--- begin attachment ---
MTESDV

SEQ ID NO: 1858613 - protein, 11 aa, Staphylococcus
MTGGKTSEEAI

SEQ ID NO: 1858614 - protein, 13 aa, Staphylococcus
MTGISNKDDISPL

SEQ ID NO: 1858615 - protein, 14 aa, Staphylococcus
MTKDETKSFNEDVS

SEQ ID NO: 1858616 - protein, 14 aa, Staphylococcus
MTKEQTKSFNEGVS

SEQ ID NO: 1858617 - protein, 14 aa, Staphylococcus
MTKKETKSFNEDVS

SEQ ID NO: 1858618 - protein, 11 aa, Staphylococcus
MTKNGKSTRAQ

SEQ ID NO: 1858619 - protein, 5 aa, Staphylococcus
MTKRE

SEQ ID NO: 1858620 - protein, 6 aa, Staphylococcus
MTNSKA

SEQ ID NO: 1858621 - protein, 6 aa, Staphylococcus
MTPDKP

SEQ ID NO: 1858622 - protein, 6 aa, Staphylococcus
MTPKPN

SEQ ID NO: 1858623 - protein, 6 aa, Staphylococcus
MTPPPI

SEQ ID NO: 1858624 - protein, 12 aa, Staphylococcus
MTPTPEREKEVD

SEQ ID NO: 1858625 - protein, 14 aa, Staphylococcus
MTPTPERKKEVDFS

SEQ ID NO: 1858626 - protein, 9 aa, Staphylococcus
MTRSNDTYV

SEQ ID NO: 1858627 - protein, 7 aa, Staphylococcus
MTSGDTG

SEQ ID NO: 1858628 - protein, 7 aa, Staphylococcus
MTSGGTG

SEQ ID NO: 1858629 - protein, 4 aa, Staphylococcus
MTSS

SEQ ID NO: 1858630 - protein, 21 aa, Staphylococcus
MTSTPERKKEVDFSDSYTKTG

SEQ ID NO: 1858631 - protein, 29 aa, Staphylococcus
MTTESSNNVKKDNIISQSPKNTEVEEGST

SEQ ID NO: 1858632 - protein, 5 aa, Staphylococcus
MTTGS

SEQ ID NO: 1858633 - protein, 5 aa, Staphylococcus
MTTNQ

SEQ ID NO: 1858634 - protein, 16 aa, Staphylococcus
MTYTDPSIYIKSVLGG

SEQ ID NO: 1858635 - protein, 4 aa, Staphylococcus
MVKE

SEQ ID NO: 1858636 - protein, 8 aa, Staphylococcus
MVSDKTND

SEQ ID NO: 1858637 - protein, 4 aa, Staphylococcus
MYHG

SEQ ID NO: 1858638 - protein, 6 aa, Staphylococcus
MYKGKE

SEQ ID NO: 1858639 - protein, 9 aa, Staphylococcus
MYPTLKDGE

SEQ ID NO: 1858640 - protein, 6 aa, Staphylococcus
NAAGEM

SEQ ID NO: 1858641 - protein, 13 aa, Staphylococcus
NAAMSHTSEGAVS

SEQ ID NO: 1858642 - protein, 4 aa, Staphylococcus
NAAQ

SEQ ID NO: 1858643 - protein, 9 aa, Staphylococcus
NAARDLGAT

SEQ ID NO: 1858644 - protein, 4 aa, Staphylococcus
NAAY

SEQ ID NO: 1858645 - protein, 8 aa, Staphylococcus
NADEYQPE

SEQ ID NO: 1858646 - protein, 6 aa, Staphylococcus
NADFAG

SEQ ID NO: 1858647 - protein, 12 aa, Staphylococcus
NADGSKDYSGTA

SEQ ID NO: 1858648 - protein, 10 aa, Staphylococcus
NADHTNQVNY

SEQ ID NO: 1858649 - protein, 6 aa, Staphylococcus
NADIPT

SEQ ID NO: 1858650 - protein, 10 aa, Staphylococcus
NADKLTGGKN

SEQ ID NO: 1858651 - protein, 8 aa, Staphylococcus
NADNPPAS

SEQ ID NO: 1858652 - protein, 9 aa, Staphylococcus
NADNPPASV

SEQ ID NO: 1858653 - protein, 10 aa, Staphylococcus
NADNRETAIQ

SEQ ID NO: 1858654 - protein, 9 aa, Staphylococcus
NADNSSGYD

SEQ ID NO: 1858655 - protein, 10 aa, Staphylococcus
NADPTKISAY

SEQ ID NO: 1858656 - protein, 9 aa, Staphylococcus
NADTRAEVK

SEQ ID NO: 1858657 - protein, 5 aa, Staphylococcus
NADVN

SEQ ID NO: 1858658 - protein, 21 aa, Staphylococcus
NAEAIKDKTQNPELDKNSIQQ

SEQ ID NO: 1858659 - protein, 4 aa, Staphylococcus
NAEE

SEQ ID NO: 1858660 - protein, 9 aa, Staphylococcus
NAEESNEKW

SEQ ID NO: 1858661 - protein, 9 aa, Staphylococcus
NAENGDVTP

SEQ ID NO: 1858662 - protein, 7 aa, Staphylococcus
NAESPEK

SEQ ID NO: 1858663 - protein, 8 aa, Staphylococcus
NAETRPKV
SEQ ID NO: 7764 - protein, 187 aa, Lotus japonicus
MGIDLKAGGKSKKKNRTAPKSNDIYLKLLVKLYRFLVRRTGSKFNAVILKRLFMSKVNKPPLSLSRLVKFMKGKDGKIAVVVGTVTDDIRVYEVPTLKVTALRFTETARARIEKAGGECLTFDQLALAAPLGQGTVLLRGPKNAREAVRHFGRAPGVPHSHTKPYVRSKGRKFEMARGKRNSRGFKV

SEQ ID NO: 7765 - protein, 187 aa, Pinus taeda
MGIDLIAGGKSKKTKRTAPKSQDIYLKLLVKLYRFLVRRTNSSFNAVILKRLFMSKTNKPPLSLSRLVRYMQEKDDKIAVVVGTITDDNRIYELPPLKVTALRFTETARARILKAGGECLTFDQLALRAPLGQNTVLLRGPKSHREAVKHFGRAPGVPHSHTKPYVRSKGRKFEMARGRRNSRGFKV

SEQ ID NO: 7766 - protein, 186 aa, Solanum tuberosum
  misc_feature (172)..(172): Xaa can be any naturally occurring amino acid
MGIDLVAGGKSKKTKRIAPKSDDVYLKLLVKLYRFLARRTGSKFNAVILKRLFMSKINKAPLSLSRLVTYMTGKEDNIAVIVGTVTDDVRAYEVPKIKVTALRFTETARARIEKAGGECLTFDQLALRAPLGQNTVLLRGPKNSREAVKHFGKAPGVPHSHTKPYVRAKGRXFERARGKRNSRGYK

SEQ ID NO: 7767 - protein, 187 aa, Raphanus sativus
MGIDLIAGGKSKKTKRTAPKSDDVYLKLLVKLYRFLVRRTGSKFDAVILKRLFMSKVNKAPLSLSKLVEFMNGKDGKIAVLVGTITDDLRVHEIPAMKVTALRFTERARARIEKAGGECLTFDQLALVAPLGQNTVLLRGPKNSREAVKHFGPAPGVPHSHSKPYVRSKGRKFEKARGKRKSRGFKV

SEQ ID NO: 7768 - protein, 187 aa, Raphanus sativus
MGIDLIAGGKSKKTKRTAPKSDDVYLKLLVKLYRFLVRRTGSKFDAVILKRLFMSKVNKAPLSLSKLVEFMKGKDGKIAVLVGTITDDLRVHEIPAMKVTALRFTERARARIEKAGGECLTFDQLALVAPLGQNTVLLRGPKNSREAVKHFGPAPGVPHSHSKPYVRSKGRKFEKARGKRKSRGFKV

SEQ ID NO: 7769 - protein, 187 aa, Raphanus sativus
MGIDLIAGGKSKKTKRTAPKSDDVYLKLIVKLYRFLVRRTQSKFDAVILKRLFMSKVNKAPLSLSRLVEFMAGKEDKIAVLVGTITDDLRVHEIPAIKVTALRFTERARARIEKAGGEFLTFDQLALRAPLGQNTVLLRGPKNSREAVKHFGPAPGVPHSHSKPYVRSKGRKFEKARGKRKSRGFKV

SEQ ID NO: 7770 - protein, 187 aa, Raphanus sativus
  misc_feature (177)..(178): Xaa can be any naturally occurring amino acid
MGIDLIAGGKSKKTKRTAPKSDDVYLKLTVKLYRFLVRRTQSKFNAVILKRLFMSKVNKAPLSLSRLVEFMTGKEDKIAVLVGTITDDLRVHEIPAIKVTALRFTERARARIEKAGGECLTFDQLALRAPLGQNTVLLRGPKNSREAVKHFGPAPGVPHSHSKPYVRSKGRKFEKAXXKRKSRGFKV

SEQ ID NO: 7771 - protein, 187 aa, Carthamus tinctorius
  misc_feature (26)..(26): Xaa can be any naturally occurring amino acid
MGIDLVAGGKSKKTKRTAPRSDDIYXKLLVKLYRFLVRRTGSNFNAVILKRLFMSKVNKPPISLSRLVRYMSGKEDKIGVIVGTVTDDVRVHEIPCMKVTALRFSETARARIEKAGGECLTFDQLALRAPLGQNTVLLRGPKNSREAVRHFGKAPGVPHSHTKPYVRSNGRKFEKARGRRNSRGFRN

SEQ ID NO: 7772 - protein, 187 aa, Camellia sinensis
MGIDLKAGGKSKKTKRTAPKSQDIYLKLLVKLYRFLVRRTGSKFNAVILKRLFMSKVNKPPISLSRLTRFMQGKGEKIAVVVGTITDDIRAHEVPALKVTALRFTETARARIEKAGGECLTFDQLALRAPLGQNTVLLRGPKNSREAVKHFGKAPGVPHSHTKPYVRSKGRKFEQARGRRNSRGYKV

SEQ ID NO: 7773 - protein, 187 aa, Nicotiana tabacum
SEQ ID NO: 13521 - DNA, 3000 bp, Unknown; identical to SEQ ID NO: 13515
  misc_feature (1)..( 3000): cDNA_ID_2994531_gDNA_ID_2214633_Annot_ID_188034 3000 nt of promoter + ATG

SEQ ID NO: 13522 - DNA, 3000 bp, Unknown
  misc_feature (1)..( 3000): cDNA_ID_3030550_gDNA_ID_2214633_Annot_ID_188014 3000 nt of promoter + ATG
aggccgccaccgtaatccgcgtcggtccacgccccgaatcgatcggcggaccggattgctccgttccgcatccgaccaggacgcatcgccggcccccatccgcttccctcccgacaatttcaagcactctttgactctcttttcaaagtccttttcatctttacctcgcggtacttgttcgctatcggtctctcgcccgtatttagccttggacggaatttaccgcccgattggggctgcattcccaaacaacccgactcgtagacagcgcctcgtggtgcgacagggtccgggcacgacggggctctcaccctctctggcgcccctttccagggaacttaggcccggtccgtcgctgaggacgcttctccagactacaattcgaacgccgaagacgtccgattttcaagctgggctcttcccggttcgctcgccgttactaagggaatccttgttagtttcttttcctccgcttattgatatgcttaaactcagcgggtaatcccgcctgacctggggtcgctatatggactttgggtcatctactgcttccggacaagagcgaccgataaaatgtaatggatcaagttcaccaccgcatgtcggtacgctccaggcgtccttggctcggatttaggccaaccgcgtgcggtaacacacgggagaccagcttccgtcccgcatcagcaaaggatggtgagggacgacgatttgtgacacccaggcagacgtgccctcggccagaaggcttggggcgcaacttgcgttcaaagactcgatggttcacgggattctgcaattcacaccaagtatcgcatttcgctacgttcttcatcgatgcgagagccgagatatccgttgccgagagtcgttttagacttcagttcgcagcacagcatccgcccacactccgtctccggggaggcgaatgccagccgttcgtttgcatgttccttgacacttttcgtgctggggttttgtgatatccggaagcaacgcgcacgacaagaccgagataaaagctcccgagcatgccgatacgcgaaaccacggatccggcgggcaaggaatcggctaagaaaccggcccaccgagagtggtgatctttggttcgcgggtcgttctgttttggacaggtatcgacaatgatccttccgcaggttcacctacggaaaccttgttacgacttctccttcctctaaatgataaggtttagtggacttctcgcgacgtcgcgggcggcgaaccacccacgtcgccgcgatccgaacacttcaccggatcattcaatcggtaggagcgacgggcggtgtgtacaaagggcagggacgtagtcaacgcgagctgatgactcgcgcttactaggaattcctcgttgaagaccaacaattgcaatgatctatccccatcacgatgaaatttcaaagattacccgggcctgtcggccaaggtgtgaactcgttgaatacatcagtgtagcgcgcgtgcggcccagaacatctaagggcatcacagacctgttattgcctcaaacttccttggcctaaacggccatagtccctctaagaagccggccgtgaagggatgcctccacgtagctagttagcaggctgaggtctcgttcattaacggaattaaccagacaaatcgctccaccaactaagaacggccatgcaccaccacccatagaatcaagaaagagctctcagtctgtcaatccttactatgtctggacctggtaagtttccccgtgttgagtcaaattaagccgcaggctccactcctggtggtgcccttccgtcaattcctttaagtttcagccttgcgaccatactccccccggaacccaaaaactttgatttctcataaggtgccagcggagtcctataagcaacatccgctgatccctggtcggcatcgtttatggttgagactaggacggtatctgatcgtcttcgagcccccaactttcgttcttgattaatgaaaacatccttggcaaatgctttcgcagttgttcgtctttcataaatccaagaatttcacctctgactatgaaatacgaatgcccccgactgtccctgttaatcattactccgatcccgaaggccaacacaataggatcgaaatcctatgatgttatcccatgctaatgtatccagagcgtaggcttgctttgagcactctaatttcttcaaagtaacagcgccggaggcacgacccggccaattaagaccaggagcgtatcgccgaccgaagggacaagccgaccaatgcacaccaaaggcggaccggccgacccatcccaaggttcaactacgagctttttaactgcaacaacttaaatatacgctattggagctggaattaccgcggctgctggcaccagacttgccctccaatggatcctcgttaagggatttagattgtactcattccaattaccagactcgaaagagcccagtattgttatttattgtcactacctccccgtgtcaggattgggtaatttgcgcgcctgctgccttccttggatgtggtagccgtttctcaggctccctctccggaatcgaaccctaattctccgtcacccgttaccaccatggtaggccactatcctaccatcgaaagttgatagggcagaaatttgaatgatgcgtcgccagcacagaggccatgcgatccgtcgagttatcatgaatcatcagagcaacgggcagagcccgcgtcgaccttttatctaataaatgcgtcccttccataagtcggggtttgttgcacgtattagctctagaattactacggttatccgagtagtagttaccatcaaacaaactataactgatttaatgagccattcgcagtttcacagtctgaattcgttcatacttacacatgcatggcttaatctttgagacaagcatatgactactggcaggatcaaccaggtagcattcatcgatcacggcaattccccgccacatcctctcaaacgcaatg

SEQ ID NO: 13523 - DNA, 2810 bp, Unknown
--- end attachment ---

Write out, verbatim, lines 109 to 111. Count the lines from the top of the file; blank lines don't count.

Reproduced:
  misc_feature (172)..(172): Xaa can be any naturally occurring amino acid
MGIDLVAGGKSKKTKRIAPKSDDVYLKLLVKLYRFLARRTGSKFNAVILKRLFMSKINKAPLSLSRLVTYMTGKEDNIAVIVGTVTDDVRAYEVPKIKVTALRFTETARARIEKAGGECLTFDQLALRAPLGQNTVLLRGPKNSREAVKHFGKAPGVPHSHTKPYVRAKGRXFERARGKRNSRGYK

SEQ ID NO: 7767 - protein, 187 aa, Raphanus sativus